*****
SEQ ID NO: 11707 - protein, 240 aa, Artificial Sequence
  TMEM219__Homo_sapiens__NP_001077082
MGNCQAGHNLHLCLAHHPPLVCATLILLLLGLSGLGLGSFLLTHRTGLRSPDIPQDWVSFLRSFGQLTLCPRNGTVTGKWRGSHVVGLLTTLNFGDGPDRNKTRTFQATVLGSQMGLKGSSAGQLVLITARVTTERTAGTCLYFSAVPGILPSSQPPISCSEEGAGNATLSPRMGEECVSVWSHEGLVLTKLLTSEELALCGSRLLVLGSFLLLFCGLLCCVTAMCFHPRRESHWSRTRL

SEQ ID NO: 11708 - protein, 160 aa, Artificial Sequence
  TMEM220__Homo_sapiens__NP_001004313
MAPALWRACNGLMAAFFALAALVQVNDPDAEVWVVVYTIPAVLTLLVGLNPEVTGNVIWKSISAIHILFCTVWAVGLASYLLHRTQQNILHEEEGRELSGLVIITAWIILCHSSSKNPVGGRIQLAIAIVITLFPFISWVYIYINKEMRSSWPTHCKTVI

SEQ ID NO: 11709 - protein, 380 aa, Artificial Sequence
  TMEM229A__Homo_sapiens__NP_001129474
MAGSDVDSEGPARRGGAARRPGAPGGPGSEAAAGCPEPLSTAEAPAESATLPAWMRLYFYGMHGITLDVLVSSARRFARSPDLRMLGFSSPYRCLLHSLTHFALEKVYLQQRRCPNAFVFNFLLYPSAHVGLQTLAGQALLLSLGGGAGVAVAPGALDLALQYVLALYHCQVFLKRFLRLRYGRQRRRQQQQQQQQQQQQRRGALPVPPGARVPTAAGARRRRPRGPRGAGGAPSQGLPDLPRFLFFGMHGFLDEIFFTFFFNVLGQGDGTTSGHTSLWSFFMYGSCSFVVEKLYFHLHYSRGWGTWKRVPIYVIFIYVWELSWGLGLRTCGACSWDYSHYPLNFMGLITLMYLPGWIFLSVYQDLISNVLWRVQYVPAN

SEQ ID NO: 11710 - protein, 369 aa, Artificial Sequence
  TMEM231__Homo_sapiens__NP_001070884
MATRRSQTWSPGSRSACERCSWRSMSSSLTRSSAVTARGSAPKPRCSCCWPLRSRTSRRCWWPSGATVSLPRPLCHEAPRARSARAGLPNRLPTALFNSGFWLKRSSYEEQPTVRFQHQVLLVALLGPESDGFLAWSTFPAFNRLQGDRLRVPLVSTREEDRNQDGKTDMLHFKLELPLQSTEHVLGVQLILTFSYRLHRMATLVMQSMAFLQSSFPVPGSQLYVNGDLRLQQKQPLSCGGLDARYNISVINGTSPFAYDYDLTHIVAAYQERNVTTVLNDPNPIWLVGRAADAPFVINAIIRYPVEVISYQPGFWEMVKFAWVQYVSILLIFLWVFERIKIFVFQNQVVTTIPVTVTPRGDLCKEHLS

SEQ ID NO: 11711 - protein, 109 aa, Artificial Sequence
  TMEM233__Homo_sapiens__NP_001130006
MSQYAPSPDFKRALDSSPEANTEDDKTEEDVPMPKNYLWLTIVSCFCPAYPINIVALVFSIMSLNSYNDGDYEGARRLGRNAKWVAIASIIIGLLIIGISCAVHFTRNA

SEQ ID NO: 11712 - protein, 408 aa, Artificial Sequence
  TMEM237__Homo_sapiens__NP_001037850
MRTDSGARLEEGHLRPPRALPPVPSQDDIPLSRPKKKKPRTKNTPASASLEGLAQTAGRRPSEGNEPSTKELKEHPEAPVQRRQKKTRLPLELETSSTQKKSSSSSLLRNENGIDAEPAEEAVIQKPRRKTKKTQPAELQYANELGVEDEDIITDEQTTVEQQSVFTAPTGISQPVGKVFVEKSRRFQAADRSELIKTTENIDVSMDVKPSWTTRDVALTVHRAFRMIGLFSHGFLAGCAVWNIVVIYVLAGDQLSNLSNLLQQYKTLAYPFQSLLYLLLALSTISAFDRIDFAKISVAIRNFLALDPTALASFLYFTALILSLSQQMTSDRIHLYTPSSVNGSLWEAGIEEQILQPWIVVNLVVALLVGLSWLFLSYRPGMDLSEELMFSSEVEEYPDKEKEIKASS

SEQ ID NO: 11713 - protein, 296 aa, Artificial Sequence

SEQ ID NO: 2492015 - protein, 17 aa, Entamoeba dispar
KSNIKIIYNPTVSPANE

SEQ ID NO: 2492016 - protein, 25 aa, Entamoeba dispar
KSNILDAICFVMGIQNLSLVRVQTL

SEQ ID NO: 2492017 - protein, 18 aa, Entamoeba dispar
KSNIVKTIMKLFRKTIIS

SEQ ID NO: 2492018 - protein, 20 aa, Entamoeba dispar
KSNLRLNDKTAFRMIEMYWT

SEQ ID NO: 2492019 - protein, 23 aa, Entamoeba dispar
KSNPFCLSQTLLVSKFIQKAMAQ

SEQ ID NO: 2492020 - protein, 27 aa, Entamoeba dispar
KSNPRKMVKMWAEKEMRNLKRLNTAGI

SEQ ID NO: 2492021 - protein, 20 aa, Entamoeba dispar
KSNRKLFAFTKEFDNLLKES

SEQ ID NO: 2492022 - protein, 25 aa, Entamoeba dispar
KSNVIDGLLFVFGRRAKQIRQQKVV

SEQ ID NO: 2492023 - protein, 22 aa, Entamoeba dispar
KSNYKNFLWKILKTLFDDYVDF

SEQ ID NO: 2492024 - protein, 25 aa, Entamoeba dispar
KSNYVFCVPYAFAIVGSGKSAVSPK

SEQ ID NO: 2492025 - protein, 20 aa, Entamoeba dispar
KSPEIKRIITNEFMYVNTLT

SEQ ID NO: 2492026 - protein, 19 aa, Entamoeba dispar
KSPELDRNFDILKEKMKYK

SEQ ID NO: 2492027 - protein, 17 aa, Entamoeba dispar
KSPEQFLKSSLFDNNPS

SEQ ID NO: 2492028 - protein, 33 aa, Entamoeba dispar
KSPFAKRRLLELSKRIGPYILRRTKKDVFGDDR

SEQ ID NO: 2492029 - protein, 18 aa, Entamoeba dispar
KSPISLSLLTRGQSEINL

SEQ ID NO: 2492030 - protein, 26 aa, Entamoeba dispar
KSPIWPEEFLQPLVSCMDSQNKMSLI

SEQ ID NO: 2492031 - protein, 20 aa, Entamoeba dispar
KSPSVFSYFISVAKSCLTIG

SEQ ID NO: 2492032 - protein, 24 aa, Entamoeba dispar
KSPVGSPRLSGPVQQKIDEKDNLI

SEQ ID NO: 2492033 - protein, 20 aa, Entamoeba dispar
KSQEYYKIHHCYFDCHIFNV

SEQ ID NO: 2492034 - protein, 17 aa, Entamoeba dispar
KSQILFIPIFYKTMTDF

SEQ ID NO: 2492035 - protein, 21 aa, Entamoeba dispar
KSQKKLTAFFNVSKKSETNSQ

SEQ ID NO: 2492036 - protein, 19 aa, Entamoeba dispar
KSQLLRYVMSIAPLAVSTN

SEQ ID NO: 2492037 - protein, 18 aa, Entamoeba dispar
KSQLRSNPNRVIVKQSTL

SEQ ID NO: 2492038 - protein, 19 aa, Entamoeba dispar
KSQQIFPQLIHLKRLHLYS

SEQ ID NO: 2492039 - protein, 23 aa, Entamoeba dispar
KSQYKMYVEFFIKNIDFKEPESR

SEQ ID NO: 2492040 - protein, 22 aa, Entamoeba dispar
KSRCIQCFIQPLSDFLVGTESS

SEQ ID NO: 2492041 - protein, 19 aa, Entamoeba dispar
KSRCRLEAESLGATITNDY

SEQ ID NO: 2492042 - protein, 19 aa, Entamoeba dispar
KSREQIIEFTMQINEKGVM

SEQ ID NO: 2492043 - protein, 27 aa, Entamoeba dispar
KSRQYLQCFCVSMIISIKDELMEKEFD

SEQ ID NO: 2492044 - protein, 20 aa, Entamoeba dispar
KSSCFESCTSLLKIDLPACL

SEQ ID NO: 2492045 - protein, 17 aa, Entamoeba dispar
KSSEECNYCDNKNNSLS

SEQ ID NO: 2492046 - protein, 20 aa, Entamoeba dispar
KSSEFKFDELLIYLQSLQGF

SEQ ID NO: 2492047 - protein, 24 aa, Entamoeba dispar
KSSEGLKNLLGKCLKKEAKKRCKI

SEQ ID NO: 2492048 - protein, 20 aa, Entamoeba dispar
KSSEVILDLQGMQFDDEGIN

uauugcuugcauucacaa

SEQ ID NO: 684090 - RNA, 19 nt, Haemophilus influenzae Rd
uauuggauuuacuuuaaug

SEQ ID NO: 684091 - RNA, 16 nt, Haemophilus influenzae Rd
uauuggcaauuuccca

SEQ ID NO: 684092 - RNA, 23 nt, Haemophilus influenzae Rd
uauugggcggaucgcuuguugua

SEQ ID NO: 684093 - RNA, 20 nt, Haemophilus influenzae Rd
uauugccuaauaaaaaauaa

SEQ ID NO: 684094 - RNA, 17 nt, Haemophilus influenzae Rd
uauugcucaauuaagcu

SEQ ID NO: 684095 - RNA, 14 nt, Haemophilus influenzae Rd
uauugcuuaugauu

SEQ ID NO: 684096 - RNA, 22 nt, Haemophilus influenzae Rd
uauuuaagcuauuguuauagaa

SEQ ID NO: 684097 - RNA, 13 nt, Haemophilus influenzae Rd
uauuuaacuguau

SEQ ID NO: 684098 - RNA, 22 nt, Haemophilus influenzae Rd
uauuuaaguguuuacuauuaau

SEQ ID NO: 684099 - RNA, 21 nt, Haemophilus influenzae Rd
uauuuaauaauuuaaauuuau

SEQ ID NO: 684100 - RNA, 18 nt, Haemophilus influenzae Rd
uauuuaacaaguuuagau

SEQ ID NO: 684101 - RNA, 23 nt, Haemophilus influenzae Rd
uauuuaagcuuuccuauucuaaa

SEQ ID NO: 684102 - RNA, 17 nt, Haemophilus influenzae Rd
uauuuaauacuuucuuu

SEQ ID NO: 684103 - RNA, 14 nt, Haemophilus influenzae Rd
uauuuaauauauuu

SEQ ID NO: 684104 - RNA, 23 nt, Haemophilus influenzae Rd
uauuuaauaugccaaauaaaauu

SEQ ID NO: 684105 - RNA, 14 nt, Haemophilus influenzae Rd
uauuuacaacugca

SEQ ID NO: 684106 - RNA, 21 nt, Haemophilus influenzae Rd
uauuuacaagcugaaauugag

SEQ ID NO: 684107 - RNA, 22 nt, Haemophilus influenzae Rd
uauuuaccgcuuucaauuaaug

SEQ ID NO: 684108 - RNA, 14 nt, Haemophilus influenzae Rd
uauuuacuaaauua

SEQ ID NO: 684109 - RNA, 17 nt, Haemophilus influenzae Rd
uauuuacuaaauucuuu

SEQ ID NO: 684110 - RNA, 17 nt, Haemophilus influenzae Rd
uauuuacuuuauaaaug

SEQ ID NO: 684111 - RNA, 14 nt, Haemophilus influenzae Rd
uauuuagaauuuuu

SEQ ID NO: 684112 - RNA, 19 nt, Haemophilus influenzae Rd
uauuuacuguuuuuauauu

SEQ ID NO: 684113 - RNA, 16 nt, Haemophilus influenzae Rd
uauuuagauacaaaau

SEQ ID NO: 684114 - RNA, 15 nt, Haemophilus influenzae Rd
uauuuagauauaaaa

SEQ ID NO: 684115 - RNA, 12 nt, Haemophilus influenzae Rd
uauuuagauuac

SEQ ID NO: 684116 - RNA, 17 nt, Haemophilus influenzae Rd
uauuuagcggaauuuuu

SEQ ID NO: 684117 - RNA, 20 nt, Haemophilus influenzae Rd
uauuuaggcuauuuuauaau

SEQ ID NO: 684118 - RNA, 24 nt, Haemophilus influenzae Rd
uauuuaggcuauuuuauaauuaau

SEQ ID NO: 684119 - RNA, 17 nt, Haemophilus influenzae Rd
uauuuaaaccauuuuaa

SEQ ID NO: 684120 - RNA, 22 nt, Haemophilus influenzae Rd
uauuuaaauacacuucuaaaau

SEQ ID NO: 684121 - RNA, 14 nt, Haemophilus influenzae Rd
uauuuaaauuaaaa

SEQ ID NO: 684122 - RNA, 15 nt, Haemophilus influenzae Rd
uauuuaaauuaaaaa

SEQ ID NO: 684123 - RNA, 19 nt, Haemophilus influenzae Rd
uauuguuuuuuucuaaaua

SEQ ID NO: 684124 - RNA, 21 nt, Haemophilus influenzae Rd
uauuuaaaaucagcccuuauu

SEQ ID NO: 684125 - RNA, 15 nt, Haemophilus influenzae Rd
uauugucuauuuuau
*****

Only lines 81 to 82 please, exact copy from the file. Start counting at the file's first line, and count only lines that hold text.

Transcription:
KSSEECNYCDNKNNSLS

SEQ ID NO: 2492046 - protein, 20 aa, Entamoeba dispar